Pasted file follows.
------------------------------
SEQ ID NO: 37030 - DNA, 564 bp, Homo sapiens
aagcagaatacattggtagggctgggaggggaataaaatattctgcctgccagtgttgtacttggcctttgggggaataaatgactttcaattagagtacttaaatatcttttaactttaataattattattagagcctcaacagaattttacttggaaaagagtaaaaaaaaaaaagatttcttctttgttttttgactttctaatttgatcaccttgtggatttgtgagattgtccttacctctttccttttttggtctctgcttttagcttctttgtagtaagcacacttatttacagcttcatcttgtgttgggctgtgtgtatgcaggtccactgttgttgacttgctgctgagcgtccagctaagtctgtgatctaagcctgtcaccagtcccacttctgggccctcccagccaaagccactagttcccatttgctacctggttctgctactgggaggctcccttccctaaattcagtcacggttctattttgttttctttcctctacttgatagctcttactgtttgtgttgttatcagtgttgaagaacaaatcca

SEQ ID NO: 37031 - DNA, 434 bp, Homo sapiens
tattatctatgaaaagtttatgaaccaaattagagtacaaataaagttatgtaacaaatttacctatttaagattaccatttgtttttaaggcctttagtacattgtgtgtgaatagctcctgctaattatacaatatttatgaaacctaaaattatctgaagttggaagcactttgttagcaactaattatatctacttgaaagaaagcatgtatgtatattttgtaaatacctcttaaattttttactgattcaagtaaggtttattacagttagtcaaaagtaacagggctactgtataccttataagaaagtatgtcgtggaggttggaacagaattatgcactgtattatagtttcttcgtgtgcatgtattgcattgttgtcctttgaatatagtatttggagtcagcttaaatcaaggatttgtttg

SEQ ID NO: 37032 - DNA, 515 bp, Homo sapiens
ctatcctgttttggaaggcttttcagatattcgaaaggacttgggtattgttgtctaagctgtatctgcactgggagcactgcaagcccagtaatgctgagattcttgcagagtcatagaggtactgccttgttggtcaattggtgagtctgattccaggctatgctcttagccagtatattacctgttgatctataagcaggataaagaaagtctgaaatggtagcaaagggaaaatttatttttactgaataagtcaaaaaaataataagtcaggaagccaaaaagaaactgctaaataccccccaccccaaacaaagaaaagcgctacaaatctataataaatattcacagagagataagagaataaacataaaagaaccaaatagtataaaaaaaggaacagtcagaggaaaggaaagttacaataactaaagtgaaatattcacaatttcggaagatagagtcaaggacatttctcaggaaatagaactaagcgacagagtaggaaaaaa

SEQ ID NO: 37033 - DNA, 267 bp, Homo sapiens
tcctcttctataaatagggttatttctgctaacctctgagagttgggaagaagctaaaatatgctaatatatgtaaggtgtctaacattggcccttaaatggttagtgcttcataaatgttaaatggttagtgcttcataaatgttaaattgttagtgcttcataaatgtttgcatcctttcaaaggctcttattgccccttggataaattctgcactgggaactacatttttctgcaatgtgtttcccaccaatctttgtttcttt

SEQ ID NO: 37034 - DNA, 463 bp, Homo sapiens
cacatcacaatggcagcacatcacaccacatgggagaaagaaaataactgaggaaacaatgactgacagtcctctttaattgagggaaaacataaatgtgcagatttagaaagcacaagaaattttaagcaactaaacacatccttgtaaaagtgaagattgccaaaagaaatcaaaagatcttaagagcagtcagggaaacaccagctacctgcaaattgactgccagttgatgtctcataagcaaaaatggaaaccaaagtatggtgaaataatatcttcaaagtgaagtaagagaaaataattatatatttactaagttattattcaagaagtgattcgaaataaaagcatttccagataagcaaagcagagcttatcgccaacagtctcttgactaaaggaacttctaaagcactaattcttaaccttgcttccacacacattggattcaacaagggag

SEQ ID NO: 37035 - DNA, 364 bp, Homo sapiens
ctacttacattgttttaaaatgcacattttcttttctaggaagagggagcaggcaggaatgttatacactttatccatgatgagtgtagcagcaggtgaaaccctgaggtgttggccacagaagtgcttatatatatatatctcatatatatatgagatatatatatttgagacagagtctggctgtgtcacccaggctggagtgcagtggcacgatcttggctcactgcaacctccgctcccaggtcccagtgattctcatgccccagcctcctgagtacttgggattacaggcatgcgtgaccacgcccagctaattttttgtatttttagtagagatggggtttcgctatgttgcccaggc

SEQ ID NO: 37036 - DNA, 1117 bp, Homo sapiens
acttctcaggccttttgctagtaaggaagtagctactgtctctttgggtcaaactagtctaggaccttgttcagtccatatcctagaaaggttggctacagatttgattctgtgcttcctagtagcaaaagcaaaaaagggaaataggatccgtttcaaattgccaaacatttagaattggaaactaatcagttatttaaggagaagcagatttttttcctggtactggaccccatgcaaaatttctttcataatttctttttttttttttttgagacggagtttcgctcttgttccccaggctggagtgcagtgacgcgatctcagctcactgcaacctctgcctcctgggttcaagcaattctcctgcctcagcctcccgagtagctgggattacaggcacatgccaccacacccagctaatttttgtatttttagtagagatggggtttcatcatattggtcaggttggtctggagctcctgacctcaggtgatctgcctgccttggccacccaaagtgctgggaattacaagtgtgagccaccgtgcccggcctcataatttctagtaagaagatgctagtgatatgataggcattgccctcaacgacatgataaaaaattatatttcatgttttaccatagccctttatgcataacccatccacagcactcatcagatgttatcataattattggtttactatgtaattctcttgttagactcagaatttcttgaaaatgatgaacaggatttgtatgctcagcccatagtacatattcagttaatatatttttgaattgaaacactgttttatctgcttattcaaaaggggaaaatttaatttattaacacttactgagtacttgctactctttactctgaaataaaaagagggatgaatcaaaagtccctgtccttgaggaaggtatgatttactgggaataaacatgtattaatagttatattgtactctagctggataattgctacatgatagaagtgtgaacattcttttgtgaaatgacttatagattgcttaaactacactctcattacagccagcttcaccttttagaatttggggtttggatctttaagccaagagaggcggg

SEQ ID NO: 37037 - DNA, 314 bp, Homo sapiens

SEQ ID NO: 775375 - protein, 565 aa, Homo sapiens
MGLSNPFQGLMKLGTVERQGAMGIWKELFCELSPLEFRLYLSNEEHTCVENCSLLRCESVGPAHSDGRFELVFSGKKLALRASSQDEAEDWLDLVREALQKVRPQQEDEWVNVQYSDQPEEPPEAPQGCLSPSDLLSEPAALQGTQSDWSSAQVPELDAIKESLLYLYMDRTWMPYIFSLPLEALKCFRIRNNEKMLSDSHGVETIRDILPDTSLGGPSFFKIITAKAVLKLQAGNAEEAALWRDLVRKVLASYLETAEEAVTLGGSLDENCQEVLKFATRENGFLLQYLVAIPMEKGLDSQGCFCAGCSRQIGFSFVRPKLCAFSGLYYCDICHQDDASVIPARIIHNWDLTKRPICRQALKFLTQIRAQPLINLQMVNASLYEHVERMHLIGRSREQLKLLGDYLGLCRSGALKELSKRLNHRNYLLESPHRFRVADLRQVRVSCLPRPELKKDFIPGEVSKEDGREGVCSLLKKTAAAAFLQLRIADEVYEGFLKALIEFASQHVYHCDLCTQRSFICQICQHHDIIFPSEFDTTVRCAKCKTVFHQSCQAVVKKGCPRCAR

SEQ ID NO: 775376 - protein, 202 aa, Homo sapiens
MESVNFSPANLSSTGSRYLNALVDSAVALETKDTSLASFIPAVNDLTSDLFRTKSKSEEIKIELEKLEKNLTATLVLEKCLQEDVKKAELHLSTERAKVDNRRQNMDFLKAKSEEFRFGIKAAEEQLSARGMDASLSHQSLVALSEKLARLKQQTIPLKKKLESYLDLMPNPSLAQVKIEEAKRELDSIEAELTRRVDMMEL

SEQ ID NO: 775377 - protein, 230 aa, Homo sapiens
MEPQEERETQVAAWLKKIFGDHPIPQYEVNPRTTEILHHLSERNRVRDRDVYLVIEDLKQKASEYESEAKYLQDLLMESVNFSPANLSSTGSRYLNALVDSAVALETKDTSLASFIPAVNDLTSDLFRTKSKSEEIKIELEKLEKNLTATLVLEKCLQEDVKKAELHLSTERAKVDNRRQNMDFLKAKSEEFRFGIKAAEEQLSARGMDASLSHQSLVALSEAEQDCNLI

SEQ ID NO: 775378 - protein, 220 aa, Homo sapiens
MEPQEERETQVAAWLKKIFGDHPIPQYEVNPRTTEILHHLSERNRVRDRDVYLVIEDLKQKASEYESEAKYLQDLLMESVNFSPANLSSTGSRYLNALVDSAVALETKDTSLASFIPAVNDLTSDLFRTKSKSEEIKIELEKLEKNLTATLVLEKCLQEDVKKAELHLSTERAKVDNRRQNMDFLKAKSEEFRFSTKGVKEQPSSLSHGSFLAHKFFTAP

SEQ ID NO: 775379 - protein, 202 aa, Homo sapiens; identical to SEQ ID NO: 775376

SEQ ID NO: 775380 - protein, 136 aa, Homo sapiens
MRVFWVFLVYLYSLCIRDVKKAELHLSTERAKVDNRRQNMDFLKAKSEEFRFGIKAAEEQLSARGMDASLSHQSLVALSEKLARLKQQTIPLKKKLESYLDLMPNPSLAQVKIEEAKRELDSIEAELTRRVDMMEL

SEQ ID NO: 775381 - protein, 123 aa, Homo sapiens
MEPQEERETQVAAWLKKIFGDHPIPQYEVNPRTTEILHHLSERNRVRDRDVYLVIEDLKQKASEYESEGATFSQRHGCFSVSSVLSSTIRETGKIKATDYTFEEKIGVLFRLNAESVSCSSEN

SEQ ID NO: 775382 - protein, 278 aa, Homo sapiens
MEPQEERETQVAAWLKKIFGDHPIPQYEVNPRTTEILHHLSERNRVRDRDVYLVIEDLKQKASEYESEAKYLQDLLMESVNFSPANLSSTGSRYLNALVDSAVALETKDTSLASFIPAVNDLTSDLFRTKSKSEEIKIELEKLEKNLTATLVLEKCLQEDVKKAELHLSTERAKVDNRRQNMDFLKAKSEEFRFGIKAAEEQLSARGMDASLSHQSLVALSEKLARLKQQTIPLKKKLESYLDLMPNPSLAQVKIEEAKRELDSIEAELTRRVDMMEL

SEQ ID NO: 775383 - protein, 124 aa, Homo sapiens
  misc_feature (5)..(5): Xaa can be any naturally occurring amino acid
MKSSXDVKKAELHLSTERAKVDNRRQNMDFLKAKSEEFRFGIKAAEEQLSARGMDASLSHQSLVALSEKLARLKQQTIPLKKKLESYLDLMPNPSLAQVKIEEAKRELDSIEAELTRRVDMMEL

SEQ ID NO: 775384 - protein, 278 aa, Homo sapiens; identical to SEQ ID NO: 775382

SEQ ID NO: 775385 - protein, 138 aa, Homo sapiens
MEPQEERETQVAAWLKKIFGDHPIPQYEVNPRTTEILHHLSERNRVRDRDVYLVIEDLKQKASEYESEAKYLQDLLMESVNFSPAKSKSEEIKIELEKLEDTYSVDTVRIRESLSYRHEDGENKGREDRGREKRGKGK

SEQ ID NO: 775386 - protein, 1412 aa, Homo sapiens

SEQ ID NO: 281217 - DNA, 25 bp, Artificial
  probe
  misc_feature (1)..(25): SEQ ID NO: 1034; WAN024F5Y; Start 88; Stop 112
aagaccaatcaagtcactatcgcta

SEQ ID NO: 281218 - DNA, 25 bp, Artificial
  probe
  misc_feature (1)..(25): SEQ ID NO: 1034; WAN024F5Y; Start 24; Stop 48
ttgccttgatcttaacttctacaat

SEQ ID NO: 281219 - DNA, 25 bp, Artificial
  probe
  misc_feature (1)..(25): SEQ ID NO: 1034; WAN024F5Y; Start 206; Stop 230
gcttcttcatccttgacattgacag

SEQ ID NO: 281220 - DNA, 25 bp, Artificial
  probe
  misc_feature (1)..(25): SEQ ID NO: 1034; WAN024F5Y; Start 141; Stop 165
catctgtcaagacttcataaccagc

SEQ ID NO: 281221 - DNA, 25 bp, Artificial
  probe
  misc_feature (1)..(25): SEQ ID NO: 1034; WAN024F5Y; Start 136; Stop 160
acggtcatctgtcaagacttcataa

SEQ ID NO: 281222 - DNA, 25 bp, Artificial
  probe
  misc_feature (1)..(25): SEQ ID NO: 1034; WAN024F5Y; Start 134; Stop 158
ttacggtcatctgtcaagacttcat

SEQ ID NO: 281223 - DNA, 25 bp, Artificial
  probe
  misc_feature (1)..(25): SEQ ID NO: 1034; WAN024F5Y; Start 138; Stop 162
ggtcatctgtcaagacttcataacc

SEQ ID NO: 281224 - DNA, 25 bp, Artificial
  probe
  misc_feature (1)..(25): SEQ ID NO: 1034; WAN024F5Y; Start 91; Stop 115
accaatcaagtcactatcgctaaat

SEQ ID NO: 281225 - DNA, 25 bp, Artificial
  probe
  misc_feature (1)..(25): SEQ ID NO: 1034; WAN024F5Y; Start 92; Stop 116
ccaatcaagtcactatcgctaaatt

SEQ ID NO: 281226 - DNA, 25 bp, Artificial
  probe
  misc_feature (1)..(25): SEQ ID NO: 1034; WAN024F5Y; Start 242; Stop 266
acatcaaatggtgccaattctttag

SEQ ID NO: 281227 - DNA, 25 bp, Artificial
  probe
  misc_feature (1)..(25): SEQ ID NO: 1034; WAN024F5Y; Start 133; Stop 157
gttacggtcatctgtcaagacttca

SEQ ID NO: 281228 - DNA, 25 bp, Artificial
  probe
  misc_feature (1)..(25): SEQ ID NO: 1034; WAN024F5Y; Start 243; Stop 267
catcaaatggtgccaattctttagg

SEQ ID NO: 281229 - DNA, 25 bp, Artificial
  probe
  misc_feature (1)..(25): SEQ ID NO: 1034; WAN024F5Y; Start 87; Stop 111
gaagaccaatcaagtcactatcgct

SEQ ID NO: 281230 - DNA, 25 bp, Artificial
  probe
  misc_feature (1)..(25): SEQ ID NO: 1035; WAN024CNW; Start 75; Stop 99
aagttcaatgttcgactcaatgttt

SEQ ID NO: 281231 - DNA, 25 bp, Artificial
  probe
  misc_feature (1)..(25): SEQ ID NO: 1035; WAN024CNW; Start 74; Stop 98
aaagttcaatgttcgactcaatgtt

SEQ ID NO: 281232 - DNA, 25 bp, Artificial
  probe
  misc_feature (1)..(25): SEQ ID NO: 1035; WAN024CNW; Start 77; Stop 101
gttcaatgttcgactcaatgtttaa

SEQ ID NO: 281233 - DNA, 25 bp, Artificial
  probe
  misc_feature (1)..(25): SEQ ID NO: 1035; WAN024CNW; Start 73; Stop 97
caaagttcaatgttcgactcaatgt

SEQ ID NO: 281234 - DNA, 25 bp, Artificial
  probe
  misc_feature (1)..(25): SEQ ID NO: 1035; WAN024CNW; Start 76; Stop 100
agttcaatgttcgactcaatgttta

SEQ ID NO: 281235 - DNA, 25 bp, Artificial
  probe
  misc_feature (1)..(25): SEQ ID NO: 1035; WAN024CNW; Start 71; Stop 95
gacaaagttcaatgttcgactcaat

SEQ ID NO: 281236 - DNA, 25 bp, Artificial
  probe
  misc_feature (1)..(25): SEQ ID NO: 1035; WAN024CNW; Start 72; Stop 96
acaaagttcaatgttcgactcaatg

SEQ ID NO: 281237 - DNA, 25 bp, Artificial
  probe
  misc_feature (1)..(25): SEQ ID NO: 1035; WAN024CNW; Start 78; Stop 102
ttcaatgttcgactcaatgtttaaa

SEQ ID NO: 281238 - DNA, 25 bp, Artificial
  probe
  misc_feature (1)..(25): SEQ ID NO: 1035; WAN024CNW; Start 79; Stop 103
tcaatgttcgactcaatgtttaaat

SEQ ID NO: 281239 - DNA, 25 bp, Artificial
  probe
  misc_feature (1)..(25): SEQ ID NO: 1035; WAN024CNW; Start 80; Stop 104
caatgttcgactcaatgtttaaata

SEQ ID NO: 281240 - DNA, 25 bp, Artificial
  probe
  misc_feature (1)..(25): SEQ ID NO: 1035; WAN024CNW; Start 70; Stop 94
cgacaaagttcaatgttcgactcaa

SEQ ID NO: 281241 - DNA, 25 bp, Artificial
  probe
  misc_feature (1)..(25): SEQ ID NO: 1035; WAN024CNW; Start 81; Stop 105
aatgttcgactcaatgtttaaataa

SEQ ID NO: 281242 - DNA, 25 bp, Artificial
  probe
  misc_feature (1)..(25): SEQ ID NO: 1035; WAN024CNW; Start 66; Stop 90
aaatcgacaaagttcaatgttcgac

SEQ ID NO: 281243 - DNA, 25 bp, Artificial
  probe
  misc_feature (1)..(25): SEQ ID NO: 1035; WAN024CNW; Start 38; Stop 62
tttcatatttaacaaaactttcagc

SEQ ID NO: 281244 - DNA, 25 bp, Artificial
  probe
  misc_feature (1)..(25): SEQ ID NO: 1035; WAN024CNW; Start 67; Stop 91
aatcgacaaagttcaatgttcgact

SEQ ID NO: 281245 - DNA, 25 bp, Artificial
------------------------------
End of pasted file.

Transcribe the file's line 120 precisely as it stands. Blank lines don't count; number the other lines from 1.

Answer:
  misc_feature (1)..(25): SEQ ID NO: 1035; WAN024CNW; Start 78; Stop 102